Like Research Triangle Park, Duke University, and Dame’s Chicken & Waffles, there’s a lot to love about moving to Durham.
Whenever it comes to the Research Triangle, when compared to neighboring towns, Raleigh and Chapel Hill, Durham is undoubtedly the more moderately priced alternative.
The city has become a university town that caters heavily to students all over the world drawn by cheap rents and campus vicinity.
Durham has a lot going on that makes it tricky to research a pass. Luckily, we’ve done the legwork to find every piece of relevant information you’ll need to plan for your transfer to Bull City.
The Durham, NC Districts
Depending on their proximity to Duke, the Research Triangle, and Downtown, the communities around Durham may differ quite wildly, but each offers its own special feel.
Durham can generally be split into five specific districts: Southpoint Area, Triangle Park Study, Rockwood & South Square, Downtown, and Ninth Street & Duke.
There is a reasonably large range of neighborhoods and communities that should accommodate almost any need, leading us to the crucial question: how much does it cost to live in Durham, NC?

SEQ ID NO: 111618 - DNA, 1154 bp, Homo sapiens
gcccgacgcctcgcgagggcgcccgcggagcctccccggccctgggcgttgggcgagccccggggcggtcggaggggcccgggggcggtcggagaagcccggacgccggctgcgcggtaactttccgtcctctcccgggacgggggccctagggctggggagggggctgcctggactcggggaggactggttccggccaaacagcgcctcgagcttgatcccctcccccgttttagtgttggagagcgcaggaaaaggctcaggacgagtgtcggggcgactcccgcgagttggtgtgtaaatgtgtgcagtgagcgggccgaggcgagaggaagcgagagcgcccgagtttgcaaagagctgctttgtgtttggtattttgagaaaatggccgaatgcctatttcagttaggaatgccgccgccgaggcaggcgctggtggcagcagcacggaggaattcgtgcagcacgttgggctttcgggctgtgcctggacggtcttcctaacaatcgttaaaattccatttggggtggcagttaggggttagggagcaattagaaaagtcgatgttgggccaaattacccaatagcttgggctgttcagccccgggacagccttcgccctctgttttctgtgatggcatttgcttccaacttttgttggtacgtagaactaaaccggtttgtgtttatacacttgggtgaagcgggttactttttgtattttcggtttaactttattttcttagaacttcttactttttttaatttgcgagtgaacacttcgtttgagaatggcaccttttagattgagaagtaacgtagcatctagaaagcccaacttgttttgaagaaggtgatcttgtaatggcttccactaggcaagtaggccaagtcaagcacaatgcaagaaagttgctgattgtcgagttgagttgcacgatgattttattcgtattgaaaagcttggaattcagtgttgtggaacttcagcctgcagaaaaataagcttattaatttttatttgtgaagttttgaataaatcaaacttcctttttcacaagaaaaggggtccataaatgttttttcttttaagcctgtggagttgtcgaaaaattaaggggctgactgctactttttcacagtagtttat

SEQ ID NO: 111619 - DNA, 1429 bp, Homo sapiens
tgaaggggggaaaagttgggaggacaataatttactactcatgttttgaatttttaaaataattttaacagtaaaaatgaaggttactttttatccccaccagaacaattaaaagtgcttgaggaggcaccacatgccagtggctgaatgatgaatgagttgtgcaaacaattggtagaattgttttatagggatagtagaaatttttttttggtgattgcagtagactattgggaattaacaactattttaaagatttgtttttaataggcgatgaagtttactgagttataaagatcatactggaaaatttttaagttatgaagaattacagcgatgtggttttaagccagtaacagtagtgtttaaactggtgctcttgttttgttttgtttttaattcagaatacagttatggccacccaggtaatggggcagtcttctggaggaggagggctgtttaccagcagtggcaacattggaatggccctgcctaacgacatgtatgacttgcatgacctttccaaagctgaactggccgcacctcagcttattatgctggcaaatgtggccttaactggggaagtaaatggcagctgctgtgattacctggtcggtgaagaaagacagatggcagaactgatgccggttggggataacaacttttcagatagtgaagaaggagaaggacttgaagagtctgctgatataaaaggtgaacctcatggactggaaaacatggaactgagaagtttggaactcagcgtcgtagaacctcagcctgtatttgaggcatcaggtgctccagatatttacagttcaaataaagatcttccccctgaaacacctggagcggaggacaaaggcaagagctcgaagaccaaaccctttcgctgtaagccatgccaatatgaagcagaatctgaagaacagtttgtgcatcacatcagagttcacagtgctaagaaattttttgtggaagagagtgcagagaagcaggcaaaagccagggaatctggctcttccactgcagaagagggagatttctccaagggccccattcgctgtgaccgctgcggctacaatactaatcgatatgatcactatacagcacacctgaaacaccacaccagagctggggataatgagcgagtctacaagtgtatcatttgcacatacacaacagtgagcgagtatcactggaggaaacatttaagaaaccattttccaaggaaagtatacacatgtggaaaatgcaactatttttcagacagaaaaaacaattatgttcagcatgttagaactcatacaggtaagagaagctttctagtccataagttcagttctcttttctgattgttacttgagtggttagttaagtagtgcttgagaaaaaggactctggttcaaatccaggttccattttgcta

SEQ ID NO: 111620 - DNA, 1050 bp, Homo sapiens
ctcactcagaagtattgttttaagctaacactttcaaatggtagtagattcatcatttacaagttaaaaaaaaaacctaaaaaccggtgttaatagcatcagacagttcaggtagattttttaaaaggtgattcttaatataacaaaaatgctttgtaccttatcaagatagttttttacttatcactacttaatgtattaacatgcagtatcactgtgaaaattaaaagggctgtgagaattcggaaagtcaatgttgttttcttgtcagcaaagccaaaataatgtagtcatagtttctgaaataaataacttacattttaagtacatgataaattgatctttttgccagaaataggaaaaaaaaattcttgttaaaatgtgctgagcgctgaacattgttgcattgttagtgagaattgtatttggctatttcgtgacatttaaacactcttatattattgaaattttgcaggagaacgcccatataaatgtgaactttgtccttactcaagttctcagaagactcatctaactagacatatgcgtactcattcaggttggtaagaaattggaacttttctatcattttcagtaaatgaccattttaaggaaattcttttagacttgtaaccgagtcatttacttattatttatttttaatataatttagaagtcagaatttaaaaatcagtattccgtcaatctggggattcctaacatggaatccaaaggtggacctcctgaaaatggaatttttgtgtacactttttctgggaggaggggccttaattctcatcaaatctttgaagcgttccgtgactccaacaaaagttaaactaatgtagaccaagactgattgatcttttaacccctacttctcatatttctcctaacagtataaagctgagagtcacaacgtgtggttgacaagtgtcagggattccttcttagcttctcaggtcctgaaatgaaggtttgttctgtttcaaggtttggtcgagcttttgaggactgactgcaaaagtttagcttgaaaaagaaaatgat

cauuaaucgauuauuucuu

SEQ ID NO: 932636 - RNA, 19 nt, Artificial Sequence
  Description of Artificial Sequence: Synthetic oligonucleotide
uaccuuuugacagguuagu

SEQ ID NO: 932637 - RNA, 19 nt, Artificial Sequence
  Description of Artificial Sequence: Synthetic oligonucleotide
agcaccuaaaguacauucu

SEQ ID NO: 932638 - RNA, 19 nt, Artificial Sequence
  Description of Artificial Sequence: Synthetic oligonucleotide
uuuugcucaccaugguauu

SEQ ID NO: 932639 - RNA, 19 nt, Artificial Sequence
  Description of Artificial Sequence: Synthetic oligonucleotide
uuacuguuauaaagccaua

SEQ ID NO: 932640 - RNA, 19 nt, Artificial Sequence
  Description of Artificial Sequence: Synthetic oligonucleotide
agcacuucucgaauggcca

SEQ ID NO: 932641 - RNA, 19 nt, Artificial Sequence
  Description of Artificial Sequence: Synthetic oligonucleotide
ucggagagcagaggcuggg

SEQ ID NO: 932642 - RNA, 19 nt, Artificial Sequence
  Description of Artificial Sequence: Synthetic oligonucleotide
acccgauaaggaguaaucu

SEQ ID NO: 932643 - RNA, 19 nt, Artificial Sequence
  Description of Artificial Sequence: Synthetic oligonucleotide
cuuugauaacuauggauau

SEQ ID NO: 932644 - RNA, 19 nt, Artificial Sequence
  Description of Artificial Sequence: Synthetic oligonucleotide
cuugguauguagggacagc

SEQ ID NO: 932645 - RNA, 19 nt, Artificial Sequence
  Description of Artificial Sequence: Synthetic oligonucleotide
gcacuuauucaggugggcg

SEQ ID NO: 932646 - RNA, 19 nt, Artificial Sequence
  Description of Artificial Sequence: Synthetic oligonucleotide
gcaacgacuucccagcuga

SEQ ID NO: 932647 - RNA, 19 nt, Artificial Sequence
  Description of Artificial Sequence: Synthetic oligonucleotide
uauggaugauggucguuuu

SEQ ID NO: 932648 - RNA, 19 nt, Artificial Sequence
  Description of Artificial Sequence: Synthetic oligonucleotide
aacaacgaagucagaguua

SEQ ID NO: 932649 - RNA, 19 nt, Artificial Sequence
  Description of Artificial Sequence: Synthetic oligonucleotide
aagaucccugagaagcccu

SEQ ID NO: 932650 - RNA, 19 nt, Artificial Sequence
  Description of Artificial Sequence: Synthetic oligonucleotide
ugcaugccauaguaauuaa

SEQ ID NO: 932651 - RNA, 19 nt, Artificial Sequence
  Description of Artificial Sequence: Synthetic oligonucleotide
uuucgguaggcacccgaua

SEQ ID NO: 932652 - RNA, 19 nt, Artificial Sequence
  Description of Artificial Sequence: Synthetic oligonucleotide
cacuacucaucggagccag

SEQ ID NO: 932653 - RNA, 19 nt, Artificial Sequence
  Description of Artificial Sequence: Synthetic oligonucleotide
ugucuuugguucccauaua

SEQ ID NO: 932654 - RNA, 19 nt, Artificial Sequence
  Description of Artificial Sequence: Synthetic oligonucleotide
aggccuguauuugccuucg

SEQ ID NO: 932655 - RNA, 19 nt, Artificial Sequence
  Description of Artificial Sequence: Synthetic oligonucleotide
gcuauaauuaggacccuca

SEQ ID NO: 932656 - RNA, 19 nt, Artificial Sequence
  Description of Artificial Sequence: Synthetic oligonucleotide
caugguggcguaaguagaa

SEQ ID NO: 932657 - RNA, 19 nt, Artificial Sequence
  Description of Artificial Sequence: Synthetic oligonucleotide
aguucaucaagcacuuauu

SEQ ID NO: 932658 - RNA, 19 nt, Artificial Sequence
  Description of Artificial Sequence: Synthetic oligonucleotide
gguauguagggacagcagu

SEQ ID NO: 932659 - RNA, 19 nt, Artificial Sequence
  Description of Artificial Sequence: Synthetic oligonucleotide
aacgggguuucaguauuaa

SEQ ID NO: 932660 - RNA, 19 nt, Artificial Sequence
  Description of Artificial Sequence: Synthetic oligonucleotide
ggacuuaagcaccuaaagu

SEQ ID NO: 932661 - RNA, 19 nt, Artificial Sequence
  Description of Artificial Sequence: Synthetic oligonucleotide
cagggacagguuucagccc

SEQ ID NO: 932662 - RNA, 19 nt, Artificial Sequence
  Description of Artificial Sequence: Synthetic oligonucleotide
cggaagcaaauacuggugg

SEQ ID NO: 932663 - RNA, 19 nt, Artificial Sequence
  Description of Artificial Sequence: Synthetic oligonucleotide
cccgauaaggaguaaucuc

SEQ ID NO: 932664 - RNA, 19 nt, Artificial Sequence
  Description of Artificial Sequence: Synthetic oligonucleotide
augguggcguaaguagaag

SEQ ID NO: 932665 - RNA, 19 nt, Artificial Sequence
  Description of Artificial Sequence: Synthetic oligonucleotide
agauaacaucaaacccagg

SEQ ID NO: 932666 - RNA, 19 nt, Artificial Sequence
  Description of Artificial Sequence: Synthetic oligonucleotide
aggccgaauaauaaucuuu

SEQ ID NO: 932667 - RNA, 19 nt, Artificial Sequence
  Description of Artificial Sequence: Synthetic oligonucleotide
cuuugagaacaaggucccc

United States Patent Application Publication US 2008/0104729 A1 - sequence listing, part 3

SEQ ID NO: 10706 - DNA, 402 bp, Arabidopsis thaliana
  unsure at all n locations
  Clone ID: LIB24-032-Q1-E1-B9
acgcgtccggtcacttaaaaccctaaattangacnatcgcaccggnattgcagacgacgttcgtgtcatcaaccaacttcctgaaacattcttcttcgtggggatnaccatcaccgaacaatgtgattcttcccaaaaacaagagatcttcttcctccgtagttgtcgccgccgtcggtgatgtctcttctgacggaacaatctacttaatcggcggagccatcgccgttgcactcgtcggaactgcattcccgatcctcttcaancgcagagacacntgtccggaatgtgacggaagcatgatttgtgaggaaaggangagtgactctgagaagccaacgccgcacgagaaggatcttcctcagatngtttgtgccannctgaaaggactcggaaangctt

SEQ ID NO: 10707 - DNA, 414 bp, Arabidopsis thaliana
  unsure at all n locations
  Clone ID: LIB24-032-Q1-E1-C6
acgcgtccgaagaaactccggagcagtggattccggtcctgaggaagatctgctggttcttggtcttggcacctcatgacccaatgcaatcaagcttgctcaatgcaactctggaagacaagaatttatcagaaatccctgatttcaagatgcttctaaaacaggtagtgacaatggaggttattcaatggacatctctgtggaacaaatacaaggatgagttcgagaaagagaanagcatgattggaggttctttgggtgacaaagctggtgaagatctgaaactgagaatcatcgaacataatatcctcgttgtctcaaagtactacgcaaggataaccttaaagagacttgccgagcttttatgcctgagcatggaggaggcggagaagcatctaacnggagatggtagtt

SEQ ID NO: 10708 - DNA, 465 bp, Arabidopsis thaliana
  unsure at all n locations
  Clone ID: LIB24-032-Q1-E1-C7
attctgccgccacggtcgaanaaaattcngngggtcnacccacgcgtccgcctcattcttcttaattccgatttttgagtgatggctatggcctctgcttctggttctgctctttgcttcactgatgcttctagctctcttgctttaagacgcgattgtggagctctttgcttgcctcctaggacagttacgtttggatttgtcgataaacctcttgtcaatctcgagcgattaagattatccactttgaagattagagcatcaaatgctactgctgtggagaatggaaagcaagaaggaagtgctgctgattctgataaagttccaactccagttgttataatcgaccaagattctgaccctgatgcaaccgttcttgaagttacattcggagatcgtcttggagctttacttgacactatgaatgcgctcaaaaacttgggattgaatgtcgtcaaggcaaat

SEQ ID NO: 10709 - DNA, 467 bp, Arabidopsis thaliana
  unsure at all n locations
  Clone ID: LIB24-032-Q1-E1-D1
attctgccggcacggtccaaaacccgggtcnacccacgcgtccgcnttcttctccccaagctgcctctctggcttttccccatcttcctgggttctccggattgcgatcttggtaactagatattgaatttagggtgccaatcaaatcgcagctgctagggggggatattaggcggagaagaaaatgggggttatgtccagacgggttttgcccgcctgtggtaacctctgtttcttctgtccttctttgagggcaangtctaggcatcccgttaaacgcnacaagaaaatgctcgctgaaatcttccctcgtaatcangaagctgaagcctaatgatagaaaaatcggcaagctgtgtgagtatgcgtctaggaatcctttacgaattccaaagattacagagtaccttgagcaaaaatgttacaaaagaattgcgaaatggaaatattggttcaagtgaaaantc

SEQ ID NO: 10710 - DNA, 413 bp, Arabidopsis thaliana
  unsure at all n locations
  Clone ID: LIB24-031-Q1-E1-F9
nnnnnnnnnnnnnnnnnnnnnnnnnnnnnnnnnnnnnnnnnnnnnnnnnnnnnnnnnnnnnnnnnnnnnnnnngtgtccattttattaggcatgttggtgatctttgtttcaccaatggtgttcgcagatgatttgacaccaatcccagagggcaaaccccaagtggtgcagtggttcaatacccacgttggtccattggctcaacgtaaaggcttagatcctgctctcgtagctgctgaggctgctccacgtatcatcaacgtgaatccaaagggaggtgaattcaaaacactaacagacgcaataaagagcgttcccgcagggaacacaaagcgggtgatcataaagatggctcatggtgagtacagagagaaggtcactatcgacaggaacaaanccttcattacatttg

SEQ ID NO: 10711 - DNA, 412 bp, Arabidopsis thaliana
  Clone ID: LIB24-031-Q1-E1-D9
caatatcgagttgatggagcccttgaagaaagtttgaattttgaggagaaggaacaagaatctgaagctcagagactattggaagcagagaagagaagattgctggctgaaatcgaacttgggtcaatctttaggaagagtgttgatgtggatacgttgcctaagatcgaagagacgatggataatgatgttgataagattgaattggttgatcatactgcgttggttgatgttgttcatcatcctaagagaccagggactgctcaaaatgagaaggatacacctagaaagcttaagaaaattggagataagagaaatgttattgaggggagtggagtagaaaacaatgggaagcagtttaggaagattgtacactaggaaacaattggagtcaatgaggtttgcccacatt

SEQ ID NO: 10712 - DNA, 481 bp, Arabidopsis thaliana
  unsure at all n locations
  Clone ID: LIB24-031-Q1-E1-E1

Rough cost rundown
Those searching for affordable rentals can look for residential locations ranging from $900 to $1,000 per month in neighborhoods like Trinity Heights, Walltown, and Ashley Forest.
Around Edgemont, Franklin Village, and Golden Belt, the more reasonably priced leases can be found with average rents ranging from $1,000 to $1,100 monthly.
And if you’re all set to spend $1,200 or more on rent, you’re going to find a lot of options in Burch Avenue and Central Park.
Durham Apartment Rental
When looking for an apartment in Durham, facilities should be your first concern. You’ll definitely want to make sure your place has some sort of heat and air conditioning because it gets so hot in the summer and pretty cold on winter nights.
Heating, cooling, and several other factors can affect your apartment utilities, which you should think about while looking for a spot. And if you don’t live anywhere that’s walkable, you’ll want to look for a washer/dryer apartment as well.
Buying a Durham Home
Durham is conveniently located, so finding a place to live outside the city that is within commuting distance of Chapel Hill and Raleigh is reasonably straightforward.
From 2016 to 2020, the median home value in Durham increased 8.9 percent, increasing it to $190,700, and it is expected to rise another 4.9 percent over the next year.
Though living in the city or near universities can be both crowded and costly, with easy commuter access, the suburbs around Durham can provide some reasonably priced housing options.
Moving to Durham, NC?
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